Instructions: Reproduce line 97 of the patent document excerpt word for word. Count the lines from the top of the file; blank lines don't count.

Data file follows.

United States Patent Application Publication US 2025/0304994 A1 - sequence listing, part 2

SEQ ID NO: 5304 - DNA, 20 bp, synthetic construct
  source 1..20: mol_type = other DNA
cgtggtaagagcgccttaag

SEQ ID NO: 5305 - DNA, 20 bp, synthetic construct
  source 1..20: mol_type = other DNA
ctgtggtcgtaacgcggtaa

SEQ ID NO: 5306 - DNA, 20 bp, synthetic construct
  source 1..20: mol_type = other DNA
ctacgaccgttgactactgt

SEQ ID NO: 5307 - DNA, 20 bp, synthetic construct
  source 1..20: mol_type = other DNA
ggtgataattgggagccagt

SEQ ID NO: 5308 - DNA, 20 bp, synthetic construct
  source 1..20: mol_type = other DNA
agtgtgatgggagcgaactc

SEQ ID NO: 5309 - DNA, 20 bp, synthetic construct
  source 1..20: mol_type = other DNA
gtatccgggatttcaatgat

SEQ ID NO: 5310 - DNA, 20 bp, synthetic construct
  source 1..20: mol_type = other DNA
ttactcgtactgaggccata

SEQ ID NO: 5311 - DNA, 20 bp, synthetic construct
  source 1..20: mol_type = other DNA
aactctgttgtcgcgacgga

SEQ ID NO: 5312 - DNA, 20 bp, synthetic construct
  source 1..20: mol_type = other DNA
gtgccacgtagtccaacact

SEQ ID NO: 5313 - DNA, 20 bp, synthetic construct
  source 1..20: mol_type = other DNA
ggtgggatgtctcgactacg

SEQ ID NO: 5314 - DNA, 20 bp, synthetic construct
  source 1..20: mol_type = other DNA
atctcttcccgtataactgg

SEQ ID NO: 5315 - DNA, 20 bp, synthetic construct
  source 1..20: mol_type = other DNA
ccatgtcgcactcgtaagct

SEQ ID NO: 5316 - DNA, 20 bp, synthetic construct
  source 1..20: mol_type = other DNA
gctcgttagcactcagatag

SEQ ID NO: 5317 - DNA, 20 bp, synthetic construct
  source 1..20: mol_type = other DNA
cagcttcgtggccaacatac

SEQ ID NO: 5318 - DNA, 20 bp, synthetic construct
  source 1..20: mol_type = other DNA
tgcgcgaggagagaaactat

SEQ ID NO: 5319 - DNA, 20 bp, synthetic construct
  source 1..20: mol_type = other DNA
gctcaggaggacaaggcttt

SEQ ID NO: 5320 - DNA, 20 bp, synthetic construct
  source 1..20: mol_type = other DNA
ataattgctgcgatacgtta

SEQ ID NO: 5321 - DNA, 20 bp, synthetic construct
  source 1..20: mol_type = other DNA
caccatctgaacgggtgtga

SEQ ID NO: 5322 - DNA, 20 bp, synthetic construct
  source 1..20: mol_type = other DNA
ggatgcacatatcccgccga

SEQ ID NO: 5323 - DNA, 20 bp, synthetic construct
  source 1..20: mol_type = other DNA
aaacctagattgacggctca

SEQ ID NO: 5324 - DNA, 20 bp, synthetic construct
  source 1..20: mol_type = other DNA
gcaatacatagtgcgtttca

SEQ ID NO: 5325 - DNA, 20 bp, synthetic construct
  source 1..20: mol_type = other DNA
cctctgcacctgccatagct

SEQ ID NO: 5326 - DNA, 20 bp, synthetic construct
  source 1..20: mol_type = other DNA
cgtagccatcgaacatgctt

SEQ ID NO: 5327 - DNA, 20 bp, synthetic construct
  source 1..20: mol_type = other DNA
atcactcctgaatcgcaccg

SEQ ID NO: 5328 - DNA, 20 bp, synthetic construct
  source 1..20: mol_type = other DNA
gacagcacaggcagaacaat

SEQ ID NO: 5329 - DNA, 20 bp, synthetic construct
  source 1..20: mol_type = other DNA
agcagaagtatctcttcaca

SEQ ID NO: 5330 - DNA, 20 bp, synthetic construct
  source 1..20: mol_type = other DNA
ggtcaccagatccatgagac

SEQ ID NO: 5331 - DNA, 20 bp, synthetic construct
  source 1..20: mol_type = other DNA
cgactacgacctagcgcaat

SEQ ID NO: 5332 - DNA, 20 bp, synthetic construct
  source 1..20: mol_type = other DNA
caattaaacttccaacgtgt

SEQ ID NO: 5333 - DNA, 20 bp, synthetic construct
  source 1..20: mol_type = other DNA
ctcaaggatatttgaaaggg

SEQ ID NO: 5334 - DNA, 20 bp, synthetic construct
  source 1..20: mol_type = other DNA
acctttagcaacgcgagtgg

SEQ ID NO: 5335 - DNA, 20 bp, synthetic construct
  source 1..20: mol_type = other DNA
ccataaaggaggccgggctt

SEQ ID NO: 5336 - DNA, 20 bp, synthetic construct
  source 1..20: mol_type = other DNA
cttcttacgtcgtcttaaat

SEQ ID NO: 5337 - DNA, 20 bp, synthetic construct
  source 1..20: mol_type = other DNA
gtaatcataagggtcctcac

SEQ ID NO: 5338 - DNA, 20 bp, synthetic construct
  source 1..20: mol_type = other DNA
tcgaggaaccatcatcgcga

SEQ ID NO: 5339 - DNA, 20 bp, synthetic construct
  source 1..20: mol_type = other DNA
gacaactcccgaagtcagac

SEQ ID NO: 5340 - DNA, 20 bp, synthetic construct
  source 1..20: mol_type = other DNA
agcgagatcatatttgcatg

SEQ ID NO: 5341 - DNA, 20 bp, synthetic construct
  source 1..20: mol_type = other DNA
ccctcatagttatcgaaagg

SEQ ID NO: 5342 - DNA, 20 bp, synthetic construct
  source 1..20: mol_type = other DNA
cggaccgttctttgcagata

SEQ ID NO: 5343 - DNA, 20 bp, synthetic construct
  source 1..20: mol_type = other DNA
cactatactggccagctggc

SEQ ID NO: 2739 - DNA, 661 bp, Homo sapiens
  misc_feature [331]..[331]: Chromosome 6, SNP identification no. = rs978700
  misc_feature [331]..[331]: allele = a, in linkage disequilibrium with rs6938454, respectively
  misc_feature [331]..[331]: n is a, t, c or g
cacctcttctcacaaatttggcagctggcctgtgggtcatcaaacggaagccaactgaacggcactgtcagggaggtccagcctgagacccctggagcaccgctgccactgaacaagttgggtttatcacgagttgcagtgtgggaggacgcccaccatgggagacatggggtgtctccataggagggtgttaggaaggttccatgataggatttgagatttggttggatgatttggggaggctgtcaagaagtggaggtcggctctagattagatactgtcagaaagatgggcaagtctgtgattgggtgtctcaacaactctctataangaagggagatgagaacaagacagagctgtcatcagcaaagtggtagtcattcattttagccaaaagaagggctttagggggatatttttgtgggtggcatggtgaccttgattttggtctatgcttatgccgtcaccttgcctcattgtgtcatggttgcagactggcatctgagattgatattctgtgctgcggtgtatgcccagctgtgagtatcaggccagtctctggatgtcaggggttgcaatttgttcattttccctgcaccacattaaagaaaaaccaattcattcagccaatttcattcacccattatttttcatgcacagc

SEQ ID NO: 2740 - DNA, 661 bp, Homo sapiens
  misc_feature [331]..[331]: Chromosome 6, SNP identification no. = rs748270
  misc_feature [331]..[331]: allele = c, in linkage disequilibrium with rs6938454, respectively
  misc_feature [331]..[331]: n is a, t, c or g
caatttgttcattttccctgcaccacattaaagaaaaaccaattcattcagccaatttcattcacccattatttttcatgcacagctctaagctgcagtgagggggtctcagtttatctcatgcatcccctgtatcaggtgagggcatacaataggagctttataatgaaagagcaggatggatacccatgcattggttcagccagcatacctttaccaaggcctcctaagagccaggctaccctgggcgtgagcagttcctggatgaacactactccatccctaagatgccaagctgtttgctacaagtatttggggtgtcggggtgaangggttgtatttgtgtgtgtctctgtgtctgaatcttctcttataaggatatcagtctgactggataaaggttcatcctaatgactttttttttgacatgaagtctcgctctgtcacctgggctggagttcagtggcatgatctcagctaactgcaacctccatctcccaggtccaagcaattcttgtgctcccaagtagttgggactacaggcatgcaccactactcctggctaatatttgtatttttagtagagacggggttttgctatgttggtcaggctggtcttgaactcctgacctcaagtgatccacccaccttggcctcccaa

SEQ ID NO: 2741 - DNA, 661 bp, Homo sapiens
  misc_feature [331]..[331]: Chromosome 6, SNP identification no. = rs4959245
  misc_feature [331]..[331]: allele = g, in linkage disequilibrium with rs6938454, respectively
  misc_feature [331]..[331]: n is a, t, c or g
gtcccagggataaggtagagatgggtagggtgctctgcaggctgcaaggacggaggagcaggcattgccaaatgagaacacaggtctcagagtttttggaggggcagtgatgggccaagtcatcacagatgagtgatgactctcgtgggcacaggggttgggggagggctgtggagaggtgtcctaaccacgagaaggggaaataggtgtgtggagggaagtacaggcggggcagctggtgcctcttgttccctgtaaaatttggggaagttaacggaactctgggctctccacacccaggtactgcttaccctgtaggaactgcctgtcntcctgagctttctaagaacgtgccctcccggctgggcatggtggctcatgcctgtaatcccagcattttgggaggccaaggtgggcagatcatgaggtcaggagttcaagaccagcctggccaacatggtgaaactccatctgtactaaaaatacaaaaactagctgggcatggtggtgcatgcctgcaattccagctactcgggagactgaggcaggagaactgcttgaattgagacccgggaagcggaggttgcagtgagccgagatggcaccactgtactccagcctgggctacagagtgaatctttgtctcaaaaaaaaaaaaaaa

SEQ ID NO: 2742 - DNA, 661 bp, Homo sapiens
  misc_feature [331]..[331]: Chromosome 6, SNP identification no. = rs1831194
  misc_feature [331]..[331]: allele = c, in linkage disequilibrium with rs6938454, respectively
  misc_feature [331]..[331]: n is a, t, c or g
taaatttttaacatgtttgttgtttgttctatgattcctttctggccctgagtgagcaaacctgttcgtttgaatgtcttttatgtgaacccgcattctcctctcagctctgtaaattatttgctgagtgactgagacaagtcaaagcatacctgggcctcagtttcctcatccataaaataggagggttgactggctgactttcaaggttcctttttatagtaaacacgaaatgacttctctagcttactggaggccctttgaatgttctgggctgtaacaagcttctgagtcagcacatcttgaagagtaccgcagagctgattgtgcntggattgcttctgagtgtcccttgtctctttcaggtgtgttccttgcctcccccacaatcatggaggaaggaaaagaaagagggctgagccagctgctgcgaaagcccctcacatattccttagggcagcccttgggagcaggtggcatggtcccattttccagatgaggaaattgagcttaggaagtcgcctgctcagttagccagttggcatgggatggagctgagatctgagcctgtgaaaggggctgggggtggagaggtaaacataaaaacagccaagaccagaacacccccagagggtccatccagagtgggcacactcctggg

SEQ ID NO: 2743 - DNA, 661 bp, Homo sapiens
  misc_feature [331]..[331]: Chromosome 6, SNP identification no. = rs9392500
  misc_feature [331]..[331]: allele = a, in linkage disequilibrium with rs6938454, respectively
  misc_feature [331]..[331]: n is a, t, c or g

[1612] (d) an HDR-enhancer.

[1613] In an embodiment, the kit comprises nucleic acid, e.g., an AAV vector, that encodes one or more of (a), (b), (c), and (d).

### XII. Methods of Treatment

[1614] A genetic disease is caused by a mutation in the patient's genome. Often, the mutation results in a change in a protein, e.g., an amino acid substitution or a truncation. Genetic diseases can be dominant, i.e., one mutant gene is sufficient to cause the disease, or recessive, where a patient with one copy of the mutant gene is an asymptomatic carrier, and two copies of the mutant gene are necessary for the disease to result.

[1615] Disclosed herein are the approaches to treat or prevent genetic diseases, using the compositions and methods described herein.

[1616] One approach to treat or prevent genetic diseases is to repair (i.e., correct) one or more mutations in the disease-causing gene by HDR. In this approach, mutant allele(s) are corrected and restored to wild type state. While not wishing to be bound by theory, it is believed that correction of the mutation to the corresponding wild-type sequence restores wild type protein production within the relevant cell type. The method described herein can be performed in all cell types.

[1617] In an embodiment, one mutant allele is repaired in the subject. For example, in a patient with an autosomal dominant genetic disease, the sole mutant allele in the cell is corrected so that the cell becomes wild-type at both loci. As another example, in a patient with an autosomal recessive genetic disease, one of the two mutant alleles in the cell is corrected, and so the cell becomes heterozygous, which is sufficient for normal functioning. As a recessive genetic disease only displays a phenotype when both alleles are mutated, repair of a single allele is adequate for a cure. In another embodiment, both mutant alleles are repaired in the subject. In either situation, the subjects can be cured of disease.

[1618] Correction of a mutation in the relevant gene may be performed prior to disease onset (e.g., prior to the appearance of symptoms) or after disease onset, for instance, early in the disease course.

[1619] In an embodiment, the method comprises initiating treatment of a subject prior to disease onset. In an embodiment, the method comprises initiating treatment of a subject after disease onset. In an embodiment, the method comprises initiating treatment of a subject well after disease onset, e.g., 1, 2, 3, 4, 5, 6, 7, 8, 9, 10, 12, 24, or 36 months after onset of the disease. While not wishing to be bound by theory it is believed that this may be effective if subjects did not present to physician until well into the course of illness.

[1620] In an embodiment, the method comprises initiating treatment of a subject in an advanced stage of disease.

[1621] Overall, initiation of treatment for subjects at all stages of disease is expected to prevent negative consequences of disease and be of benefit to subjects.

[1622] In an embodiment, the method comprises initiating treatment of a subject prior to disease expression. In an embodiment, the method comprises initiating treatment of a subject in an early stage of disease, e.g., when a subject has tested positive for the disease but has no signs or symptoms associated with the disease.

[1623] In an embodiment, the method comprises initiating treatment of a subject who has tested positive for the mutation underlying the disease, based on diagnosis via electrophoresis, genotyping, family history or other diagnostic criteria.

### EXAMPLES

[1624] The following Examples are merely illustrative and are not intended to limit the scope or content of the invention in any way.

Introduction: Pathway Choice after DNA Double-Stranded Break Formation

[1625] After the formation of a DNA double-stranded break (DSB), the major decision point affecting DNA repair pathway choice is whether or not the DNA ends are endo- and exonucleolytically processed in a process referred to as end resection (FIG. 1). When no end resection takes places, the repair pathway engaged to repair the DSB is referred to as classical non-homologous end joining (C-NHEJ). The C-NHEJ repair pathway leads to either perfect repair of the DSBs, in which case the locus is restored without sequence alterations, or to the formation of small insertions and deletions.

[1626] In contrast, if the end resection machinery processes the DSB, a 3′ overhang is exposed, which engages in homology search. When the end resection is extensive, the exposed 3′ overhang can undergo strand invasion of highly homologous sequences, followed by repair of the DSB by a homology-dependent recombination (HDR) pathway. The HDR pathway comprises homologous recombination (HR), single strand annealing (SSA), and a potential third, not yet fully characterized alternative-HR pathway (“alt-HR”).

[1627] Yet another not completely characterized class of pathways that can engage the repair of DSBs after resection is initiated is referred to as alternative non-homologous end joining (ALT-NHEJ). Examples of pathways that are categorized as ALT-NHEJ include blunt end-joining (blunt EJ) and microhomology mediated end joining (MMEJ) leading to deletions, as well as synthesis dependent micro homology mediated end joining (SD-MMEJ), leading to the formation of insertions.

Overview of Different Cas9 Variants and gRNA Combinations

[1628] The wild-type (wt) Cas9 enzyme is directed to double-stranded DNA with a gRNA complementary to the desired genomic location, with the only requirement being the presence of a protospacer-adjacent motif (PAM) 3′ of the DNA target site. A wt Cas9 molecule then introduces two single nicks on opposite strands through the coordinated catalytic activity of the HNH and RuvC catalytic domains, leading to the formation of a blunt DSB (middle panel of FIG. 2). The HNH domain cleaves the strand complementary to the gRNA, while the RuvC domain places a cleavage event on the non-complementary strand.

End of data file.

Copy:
ccataaaggaggccgggctt